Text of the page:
[The story so far: Our Heroes have secured snug transport, scary and delicious food, and comfortable lodgings at Novotel in the La Défense section on the outskirts of Paris.]
Monday morning Ron and I got up early (6:30 AM local time) and walked through sector 1 of La Défense, basically walking to the Grande Arche and back. Explored the storefronts, most of which were still closed, of course, and bought some items from one of the many bakeries that were opening up. I swear, we only walked about 1 kilometer as the crow flies, and we hit three bakeries, all packed with Parisians. Everything that I tried was wonderful — hot and fresh and delicious.
After our walk, the four of us regrouped at the hotel for the buffet-style breakfast, which I didn’t really need after the bakery goods, but which I bravely enjoyed nevertheless. Apart from the bacon and soft-boiled eggs that were available as a nod to the English and Americans, it also featured an assortment of pastry, an assortment of bread and jam, and an assortment of cheese, as well as orange juice, grapefruit juice, Danone yogurt (our “Dannon” yogurt is their subsidiary), and something called fromage blanc (“white cheese”). And, of course, plenty of Café au lait.
To my surprise and delight, the toaster that was set out for our use was a Dualit! I’ve always had a secret lust for this toaster, but at $459 for quantity one, it remains firmly outside my reach, unless I can snag a used one for a reduced price on eBay. You can see the Williams-Sonoma catalog listing here.
So, imagine my joy at seeing it awaiting my every command. Sadly, my first command was apparently, Brulée le pain! (“Convert the bread into ash.”) While the bread didn’t actually catch on fire, it was an incredible simulation — certainly good enough to suit everyone present.
We’d paid good money for a extraordinarily large motorcar, and thought we’d better get the use of it and drive ourselves to Versailles. The results were mixed, although not actually tragic. Later we found that we could have gone straight there by taking one of the R.E.R. outskirts trains — there was even an R.E.R. station at the Grande Arche.
Still, it was fun, even exciting, to drive. Most exciting of all were the roundabouts (the traffic circles). I’m sure that you’ve heard about them, perhaps you’ve seen them in Boston or London. I can’t remember what they were like in those other places, but the ones in France have no lanes; you simply head in (people who are heading in have a tiny bit more right-of-way than people who are already in) and then you move forward, edging people out and being edged out in turn. The tiny cars were a clear advantage here. A coworker later told us a story about taking a taxi in Paris and watching in terror as the taxi driver drove straight into the roundabout (actually perpendicular to the other traffic) until reaching the innermost border, then following that border around the circle, then heading straight out again, again completely perpendicular to the rest of the traffic in the roundabout.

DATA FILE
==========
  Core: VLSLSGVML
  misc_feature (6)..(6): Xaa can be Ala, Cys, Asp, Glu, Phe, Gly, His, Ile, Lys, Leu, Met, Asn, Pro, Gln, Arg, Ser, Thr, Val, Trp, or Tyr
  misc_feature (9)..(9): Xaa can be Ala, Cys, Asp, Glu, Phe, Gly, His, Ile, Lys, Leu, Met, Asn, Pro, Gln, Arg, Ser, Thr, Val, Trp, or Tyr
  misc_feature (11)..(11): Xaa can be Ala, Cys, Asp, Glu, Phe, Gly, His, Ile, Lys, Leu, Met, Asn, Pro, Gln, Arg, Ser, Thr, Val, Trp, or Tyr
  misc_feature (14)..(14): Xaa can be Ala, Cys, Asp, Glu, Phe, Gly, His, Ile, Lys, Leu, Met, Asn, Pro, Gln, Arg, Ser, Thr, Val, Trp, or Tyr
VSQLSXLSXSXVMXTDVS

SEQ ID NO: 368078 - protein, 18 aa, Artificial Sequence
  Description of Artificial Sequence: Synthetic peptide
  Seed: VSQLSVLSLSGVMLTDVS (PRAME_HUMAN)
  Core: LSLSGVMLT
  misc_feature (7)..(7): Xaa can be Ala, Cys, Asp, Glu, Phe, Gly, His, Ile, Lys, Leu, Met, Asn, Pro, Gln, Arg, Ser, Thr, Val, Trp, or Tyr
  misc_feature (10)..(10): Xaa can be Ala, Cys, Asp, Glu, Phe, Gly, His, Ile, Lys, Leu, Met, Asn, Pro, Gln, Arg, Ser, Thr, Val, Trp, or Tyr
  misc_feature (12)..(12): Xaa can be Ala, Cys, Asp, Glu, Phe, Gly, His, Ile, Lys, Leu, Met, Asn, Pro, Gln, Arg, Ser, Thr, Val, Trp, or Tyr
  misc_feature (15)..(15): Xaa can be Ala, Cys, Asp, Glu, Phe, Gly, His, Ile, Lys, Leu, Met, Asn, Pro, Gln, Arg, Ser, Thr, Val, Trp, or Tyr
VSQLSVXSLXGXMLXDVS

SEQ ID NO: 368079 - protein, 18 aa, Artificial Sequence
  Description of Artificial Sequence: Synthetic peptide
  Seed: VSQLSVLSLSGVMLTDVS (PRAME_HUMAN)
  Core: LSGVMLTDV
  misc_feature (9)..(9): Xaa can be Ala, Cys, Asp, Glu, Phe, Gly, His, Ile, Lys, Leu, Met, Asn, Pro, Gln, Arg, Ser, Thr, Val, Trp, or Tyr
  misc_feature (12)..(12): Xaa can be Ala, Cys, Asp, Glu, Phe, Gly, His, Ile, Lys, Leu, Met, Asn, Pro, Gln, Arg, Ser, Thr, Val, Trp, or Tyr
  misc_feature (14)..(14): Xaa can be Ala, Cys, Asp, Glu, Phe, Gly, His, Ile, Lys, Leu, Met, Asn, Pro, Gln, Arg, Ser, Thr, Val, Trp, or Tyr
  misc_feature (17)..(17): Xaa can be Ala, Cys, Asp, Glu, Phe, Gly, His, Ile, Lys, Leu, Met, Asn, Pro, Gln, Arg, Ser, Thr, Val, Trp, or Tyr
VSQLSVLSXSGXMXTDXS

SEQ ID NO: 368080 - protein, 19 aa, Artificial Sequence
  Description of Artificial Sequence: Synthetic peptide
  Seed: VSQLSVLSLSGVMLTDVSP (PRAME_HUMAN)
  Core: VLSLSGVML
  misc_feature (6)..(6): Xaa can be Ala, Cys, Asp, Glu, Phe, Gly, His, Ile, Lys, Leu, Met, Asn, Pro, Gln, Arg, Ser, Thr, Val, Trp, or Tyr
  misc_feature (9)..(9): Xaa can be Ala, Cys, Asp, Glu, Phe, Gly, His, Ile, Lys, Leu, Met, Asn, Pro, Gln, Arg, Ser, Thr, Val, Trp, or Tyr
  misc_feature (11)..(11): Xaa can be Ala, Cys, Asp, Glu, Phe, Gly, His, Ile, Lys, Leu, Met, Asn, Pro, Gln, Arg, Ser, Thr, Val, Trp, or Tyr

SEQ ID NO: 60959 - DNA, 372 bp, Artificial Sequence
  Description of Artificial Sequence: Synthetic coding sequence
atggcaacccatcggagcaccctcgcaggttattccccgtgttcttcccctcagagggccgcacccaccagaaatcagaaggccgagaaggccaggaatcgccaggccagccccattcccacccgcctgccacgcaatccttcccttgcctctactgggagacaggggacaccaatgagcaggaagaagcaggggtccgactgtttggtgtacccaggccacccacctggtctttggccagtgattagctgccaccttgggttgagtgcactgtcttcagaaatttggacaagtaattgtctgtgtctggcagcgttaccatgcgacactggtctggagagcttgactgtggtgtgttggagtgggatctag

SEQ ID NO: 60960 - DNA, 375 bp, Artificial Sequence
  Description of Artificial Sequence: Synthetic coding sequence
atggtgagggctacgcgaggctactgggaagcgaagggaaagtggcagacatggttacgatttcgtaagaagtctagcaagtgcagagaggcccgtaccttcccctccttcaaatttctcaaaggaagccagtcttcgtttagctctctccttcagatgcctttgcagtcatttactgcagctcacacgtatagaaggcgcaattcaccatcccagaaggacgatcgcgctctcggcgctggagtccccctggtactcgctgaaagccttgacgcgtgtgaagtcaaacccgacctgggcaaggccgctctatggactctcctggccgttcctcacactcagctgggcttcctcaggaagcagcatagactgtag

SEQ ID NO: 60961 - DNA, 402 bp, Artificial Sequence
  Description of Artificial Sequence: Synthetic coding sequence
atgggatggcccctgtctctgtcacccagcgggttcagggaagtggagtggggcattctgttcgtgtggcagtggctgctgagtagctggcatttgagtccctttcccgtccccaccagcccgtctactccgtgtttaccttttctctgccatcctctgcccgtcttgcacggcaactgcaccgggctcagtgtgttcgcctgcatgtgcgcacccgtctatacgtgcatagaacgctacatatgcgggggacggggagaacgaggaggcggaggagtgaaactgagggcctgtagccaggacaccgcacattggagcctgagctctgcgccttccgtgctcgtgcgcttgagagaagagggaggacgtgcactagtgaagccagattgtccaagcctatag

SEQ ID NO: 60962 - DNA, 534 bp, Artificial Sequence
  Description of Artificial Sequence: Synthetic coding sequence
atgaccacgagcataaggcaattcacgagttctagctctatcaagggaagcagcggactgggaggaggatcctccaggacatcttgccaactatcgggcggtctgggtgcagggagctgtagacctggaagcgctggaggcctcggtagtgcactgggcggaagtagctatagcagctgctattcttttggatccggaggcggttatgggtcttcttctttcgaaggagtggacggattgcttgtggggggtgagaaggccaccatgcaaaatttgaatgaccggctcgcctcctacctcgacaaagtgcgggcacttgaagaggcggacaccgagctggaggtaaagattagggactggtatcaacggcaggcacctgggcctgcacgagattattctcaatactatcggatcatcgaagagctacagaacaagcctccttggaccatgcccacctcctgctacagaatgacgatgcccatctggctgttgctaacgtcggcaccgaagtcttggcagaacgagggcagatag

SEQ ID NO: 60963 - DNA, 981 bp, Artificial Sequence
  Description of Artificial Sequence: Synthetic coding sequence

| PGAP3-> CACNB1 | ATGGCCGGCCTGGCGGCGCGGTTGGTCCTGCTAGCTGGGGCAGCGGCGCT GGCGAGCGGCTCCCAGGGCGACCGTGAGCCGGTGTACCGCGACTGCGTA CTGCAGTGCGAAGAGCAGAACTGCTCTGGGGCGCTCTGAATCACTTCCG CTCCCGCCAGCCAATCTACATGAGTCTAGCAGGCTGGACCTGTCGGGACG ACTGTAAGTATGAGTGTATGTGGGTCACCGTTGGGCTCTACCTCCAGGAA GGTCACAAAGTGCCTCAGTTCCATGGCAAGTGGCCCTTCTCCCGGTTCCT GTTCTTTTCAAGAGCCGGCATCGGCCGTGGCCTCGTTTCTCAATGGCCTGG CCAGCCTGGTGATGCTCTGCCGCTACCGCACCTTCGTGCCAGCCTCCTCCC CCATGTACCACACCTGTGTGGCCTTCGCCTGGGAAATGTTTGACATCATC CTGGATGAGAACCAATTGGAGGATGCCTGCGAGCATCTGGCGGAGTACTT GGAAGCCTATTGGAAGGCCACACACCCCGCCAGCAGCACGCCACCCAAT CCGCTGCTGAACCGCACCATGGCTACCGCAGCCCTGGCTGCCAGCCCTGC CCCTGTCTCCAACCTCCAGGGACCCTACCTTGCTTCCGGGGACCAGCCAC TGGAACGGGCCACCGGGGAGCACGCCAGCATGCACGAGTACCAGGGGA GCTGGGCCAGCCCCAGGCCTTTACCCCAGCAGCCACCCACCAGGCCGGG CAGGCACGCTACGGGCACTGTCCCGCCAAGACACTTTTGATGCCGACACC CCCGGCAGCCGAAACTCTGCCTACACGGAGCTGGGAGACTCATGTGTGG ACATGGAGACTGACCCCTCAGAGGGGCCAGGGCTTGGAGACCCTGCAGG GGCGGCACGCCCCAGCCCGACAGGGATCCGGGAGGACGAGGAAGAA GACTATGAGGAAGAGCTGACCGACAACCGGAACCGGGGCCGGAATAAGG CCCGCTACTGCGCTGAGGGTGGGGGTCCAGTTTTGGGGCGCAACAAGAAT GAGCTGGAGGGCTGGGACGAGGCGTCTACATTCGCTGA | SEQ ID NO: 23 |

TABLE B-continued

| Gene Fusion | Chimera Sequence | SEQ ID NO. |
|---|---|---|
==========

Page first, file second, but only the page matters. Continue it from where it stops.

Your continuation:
At any rate, Versailles is only 15 to 25 miles away from Paris, so it wasn’t long before we arrived at the town. Yes, Versailles is an entire town — at one point, during the height of the palace construction effort about 300 years ago, there were over 15,000 workers who were employed to create the palace and its grounds. The palace is easy to find, however – once in the town, you simply follow signs that point to the “Chateau”.
We found a large self-park parking lot, with a sign that we (or indeed, anyone) could almost entirely translate: “Parking reserved exclusively for «autocars».” Now, “automobile” in French is la voiture, and “bus” is l’autobus — this autocar business was, seemingly, some other way of saying the same thing. There is quite a bit of this in French, especially where an English or American word has crept into common use, even though the Académie Française does not approve. We looked at one another and said, “Surely we are in an ‘auto car’?” and drove into the (entirely empty) automated self-park. As we were getting out of our car, we noticed several other cars parked in a different lot, further away. Hm.
Versailles, it turned out, was closed — they’re always closed on Mondays. We had, at a conservative count, maybe ten guidebooks to Paris between us, and no one had thought to check. Well, we could perhaps still examine the grounds, which are unbelievably lush and enormous. Alas, it was not to be — the grounds were closed for repairs due to damage from the recent storm. We took a few photos and walked back to the car.
When Ron went to the parking lot’s vending machine to get a ticket that would open the gate and let us out, he was horrified to see a sign demanding 180 French Francs – that’s $30! I found out later that an autocar is exactly the same as an autobus (they even use the same vehicles for both), except that an autobus takes you around within a town, and an autocar takes you to another town.
Woof, thirty dollars for thirty minutes of parking! Plus, the machine was being truculent about accepting paper money. Have you ever tried to come up with $30 in coins while far from home? Take my word for it, it’s a challenge. We were darn lucky that all of us had exchanged a bunch of dollars for francs only the day before — we were able to pay the ransom and make good our escape. For the rest of the day, Ron was driving in the bus-only lanes, figuring that he’d paid his dues. (Well, just the one time, actually, and it happened by mistake, and he only drove in the lane for the one block that he was trapped in it, but that’s how we like to tell the story.)
You can see some photos of Versailles (the one tiny part of it that we could see) by clicking here.
[Next:: “Cherchez Les Truffes!”]